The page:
“Prices are going up all over the place and even to find a one bedroom that is available is a tough battle,” said Horrell. “It gets tougher if you have mental health issues on top of that, if you’re living on the streets and don’t have a phone, can’t keep a phone charged or keep one from being stolen. And so your ability to access the Internet and look for housing independently and communicate in these really functional ways is severely diminished.”

He said that based on responses from the people he serves, the community needs added supports in addition to inclusionary zoning for those in the throes of mental health and substance abuse issues, to help them obtain a stable home.

People living in encampments would like to see an area where they can securely rent a space from the city, so they can avoid breaking bylaws while looking for somewhere permanent to live.

“Any of the locations where encampments exist are currently not legal, they’re just tolerated. And so everyone knows that any minute they could be kicked out, and that’s a psychological stress,” he said.

Horrell said he welcomes newly elected officials to join him and his team for a day of outreach.

“Meet the people that we serve and have some conversations,” he said. “I think that that’s the best way to do it.”

Jacqueline Thompson, Executive Director of LifeSpin

Local charity LifeSpin assists low-income families and individuals, along with seniors and those with disabilities.

Thompson, also a proponent of inclusionary zoning, said many have been struggling with a lack of affordable housing and the rising cost of living. It’s difficult for them to pay for utilities, food and transportation on top of rent, and the need is growing.

“We have always had people looking for affordable housing and there just is not any place to send them to,” said Thompson. “London used to have a housing registry where landlords could register apartments for rent, and that’s gone.”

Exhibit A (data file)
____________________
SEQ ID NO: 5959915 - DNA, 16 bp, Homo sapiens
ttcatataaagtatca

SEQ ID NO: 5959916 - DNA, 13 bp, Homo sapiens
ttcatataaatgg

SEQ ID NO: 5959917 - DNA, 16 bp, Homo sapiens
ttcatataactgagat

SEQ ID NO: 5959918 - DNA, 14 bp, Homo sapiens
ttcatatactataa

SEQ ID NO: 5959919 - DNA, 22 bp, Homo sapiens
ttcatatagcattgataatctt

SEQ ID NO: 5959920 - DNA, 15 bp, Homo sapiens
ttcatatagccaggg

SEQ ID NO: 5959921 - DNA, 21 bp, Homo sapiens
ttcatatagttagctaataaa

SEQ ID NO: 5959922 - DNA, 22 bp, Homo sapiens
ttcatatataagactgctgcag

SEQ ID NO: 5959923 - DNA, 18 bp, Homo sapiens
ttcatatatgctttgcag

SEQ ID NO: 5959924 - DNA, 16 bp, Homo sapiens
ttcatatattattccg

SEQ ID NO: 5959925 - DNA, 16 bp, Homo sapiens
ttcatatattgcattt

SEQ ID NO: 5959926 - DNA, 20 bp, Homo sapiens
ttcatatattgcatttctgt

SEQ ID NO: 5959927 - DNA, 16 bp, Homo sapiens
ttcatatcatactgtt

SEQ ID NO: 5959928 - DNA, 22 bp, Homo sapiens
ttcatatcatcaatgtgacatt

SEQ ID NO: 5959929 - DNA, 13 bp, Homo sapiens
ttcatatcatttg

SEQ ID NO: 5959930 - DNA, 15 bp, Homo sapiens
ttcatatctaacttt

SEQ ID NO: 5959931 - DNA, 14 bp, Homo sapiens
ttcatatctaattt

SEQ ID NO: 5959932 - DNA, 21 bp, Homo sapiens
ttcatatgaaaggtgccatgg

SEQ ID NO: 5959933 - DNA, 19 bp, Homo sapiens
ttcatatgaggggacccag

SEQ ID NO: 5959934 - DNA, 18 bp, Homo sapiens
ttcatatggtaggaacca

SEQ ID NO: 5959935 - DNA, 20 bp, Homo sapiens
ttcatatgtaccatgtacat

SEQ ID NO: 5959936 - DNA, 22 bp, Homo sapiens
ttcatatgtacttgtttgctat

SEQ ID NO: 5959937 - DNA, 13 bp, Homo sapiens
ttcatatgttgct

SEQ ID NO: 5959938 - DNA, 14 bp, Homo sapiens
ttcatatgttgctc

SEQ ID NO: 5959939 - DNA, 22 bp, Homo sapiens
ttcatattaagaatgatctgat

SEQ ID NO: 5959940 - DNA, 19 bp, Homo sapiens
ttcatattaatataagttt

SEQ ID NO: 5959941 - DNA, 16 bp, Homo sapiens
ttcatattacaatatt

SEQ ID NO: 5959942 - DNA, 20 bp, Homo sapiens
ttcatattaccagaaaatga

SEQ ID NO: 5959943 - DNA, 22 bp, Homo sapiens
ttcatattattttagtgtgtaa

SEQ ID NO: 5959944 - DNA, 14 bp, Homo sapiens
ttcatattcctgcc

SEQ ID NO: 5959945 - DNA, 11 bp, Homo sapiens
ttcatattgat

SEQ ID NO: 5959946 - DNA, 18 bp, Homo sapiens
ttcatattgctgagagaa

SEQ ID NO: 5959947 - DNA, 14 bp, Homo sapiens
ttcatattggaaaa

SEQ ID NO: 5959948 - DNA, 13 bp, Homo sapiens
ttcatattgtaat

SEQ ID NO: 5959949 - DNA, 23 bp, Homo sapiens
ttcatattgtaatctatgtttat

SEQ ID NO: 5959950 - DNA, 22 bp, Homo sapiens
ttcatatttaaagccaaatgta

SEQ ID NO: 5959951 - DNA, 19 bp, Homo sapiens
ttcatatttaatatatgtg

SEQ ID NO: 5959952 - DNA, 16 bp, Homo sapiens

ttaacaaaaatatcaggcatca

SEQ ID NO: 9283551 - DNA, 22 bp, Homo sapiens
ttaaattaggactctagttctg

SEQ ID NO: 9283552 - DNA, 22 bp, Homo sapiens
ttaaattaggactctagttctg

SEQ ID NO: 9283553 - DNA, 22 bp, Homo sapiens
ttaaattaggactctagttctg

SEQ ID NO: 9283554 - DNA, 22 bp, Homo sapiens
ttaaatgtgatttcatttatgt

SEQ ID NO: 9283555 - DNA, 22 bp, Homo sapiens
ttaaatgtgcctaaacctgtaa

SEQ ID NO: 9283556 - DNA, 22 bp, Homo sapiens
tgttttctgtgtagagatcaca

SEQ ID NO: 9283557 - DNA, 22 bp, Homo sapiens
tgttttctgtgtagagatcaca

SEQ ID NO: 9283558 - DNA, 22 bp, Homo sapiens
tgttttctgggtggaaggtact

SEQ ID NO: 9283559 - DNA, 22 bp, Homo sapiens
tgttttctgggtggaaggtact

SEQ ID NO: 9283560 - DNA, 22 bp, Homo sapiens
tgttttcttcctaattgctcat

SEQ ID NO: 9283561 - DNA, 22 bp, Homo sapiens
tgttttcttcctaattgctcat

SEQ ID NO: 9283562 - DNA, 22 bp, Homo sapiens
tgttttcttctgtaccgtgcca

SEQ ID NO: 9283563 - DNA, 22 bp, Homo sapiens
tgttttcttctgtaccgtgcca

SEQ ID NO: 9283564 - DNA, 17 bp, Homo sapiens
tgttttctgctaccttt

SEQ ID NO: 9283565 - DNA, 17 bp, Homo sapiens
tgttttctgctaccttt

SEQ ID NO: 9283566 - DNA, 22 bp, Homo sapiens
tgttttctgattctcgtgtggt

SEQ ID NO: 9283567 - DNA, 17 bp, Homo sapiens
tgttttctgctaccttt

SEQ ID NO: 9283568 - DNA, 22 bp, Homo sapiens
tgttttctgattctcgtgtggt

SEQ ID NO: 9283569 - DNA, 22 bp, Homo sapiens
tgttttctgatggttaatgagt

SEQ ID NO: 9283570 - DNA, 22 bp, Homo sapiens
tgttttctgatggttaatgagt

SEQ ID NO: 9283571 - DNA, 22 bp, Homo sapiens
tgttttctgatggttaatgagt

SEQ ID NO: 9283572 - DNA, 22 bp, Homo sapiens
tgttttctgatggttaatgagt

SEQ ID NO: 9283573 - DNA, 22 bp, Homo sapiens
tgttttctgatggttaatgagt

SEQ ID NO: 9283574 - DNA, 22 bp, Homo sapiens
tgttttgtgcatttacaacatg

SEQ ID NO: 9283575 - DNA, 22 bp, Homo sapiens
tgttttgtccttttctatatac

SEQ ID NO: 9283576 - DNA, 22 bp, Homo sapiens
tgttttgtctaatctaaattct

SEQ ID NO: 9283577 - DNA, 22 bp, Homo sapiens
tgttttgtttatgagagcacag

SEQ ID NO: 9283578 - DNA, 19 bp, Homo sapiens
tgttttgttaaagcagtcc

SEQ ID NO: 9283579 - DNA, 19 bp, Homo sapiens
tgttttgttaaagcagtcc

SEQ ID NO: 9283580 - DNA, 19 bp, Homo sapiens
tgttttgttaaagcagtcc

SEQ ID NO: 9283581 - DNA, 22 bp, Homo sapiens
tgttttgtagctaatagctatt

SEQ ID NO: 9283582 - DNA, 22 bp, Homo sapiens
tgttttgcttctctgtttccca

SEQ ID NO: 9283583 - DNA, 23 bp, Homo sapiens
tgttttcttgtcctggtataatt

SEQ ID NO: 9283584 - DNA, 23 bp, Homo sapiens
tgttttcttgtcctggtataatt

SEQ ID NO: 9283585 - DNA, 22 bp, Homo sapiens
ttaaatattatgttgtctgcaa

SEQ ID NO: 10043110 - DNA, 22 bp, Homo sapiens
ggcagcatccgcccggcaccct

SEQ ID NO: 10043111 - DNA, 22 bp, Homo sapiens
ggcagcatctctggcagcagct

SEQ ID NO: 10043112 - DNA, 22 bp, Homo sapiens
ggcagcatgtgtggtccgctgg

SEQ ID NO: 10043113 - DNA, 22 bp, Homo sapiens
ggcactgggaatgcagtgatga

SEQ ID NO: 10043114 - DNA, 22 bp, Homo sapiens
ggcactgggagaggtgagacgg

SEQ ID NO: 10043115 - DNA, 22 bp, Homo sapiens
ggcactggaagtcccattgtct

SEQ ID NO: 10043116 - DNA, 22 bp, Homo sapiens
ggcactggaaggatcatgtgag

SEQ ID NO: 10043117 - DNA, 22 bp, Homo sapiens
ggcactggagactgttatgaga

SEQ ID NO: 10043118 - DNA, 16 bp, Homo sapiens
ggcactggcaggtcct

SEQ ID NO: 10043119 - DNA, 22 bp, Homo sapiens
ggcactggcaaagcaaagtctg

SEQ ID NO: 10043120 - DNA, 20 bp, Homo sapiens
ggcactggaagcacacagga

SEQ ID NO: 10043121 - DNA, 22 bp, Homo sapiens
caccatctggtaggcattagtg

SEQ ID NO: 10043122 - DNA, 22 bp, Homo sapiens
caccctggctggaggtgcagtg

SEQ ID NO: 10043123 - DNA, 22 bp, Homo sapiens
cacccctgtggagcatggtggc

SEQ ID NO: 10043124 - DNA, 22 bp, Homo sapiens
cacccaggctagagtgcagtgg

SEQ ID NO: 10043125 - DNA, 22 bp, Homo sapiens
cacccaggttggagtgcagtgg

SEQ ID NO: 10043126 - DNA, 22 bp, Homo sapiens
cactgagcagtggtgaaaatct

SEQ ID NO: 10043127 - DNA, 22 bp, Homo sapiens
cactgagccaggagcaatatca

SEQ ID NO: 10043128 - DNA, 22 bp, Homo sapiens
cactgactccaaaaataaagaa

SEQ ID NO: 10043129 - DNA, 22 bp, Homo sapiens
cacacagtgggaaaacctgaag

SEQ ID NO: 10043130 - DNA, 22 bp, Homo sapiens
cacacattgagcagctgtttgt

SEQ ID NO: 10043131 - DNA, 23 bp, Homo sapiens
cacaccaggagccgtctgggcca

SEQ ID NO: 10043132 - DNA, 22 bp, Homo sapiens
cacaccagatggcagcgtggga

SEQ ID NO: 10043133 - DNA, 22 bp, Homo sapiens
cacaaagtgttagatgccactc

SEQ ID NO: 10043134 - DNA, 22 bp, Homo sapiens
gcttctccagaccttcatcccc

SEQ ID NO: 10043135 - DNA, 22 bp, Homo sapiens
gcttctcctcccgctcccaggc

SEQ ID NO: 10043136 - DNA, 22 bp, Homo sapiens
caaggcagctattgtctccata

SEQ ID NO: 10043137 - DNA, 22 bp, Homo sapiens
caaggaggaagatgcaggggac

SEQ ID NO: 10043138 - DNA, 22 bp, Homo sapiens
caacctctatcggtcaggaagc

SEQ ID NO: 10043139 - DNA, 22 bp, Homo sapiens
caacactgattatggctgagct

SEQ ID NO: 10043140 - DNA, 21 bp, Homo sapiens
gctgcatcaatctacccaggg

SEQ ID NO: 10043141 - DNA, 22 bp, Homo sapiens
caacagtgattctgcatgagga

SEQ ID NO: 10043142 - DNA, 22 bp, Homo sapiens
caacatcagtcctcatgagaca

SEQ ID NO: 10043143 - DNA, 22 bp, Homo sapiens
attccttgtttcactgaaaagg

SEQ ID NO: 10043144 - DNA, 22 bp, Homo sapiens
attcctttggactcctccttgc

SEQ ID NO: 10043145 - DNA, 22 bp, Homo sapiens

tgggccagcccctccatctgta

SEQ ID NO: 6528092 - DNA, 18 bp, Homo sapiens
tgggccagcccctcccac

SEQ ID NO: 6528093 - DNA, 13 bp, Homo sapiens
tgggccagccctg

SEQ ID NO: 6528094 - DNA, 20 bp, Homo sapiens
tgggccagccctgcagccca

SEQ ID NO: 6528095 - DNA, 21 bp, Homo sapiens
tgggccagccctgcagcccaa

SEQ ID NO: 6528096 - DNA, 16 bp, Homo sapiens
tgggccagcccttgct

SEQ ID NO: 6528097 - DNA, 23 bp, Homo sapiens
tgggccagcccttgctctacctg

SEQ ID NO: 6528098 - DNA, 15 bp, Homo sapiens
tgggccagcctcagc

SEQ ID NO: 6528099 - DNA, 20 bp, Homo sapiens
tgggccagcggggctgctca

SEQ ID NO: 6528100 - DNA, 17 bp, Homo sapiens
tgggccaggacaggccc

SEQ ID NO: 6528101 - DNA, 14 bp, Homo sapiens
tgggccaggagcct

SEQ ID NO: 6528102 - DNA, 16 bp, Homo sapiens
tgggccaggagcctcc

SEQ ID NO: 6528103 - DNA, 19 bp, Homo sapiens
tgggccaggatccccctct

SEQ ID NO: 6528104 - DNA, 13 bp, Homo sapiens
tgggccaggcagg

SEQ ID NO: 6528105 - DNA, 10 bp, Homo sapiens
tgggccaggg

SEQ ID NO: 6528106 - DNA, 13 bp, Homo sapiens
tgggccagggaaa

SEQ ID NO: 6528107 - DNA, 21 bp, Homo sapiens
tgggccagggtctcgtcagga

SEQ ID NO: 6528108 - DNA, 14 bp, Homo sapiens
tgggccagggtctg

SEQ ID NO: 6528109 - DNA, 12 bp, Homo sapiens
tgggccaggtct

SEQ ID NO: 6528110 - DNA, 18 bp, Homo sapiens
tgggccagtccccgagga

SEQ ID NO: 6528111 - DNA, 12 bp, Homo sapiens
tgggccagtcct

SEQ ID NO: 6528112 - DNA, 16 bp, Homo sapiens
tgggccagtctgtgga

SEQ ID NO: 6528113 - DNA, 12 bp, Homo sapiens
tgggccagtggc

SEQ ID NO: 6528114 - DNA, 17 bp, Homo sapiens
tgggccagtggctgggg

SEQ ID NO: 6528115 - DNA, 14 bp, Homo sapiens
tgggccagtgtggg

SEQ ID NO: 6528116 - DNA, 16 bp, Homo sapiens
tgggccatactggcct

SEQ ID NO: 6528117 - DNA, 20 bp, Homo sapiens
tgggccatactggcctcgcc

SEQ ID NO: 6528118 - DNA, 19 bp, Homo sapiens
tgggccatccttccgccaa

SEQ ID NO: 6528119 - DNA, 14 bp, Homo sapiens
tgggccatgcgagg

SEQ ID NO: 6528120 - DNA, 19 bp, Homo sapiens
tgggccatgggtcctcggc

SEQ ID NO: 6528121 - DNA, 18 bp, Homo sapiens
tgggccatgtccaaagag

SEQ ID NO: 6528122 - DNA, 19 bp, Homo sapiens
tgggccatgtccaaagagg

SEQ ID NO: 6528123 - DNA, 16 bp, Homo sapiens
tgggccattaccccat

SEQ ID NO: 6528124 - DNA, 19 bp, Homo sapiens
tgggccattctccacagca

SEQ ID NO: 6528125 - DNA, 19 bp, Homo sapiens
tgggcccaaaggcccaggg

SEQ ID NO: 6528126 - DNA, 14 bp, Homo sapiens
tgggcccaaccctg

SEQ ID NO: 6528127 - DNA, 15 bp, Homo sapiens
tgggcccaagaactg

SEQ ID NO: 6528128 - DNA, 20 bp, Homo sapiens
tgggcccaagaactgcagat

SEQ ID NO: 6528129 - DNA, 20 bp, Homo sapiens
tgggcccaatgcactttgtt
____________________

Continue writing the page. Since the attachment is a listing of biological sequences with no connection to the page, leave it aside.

Families that have little money to spend on housing often end up in unsafe, unsanitary housing situations and then come up against bylaw enforcement. A rent safe program would identify apartments that are safe for people to live in, Thompson said.

She said London needs to have a definition of affordable housing in place.

“For some reason council has shifted to using affordable housing as a synonym for below-market rent housing, which is not what it is at all, and we really need council to bring that back and reclaim the truth of what affordable housing is for our community,” said Thompson.

The incoming council must draft policies ensuring city staff are given clear responsibilities and the resources to implement them, she said. For example, a vacant housing tax could pay for staff that would go on to enforce safe housing bylaws.

But first and foremost, London’s new council will need to be united in its vision of a better city.

“We need to see our residents housed and working in neighbourhoods where they live,” said Thompson. “I hope this council can get it together…they have to work together and that’s where that common vision comes into play. So let’s work together and create some change.”

Article by Angela McInnes for CBC News